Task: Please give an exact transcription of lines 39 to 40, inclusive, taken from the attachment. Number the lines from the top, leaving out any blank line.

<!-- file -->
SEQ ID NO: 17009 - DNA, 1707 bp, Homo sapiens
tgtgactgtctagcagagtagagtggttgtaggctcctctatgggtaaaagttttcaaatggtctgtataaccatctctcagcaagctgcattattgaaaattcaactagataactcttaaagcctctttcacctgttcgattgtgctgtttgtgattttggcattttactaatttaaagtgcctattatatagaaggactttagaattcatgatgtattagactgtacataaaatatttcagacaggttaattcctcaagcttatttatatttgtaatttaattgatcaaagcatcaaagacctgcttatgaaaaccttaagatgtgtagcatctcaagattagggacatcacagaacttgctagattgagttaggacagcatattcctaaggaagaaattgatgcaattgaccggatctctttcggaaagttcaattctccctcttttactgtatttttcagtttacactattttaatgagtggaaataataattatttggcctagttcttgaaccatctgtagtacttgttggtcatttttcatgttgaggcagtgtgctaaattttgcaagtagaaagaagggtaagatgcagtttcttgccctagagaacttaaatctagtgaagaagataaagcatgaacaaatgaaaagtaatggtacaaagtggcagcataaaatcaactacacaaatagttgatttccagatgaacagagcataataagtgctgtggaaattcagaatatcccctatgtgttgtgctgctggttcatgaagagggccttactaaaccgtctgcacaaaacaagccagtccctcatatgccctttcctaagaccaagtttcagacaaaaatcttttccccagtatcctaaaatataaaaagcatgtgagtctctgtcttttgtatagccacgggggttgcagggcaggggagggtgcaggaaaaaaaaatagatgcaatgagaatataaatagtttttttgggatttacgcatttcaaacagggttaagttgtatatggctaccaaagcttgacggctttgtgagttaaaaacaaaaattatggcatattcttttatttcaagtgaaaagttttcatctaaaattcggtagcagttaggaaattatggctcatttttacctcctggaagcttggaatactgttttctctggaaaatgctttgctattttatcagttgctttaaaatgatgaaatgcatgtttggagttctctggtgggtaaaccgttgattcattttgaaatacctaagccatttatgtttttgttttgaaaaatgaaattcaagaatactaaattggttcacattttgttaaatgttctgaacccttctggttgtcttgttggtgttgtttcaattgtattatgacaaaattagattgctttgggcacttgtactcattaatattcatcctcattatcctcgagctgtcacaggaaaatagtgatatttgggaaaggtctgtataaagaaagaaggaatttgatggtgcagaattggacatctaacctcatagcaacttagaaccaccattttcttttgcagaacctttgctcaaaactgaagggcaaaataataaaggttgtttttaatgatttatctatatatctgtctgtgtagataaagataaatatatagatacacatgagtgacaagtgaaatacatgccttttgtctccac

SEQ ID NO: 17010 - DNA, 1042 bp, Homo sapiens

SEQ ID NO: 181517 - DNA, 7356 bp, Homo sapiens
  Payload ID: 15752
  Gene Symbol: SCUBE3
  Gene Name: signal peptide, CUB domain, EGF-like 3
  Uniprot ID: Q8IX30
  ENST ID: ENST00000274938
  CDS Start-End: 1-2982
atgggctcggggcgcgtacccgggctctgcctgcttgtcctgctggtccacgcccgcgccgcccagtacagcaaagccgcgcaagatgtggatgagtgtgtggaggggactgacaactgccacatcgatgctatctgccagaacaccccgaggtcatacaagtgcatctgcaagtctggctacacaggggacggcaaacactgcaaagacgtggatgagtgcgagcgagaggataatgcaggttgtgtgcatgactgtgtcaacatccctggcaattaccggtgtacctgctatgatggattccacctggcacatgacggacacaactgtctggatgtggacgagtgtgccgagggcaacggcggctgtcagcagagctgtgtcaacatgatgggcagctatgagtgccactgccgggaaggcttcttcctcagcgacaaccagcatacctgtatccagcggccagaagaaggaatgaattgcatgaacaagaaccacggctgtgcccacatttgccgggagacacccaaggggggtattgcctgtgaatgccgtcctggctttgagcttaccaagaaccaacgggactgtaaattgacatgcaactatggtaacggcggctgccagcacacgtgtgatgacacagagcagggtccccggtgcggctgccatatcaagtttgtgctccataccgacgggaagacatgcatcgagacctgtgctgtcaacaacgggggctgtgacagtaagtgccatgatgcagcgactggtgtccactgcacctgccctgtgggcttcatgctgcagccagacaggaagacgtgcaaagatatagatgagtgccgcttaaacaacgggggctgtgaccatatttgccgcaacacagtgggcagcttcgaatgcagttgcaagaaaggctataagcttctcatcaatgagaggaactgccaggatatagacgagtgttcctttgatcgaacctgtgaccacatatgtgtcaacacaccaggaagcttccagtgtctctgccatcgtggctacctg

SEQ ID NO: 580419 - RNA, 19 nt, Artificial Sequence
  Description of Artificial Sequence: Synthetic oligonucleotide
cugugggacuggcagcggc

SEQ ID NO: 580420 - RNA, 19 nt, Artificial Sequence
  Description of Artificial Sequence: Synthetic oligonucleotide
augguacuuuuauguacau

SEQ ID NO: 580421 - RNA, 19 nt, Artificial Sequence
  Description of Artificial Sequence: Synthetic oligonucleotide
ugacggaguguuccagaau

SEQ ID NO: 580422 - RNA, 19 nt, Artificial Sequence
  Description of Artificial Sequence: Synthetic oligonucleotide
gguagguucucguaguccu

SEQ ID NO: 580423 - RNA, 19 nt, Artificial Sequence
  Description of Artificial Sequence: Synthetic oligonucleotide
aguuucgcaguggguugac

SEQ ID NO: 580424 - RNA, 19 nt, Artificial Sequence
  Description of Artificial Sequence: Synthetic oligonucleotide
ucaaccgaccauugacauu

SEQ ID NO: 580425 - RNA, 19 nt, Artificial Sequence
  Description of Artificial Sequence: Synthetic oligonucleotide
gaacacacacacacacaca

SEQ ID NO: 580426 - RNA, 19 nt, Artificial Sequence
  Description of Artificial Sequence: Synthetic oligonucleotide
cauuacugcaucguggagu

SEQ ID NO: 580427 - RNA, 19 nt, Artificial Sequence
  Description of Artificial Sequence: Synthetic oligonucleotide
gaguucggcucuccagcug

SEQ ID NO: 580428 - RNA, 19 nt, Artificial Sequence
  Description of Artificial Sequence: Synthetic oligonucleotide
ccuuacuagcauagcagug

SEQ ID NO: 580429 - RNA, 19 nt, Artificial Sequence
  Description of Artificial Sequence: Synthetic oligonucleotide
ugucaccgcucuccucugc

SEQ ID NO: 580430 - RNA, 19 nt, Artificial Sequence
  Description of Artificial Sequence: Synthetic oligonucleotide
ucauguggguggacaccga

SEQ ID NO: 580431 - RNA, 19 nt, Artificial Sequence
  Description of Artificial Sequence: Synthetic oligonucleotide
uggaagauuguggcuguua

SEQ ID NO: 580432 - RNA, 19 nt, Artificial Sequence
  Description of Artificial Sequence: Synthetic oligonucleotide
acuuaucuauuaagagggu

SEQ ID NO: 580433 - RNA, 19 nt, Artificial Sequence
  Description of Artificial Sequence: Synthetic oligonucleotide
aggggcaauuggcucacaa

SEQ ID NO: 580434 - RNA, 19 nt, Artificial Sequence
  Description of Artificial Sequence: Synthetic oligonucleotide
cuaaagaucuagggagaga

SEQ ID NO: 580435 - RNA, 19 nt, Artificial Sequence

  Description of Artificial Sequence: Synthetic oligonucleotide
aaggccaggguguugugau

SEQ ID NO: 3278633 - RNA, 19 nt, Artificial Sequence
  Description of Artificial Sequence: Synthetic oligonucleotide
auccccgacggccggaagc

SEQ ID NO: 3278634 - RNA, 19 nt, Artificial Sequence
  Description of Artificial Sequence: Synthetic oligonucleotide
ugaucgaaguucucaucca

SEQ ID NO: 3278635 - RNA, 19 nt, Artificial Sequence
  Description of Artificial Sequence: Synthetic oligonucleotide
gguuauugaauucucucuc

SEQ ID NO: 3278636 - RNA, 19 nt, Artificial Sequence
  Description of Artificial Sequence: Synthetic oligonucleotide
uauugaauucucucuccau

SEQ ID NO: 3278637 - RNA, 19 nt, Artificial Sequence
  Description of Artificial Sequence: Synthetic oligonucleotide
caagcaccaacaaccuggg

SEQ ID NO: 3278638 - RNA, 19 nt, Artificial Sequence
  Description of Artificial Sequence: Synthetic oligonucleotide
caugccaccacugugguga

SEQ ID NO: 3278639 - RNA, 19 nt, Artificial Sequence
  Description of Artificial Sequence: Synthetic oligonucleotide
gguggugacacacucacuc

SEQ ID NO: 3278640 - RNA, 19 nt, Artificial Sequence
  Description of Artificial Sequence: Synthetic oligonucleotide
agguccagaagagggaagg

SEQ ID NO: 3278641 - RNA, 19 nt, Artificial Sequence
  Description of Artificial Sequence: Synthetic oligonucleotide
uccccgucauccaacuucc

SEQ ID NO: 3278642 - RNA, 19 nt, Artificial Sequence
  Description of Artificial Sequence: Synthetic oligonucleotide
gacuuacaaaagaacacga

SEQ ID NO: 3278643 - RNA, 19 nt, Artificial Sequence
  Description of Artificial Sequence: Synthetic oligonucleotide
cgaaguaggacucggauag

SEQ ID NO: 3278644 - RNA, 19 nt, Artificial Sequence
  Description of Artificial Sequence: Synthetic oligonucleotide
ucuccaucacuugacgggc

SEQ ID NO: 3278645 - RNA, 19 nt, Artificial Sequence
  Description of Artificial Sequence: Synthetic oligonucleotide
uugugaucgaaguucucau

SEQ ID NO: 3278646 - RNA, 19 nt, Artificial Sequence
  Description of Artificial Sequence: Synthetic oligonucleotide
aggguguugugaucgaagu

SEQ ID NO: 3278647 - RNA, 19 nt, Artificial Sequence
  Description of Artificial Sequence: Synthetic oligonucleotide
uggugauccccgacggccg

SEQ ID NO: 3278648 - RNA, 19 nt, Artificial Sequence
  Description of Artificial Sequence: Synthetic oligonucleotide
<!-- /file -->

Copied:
SEQ ID NO: 580428 - RNA, 19 nt, Artificial Sequence
  Description of Artificial Sequence: Synthetic oligonucleotide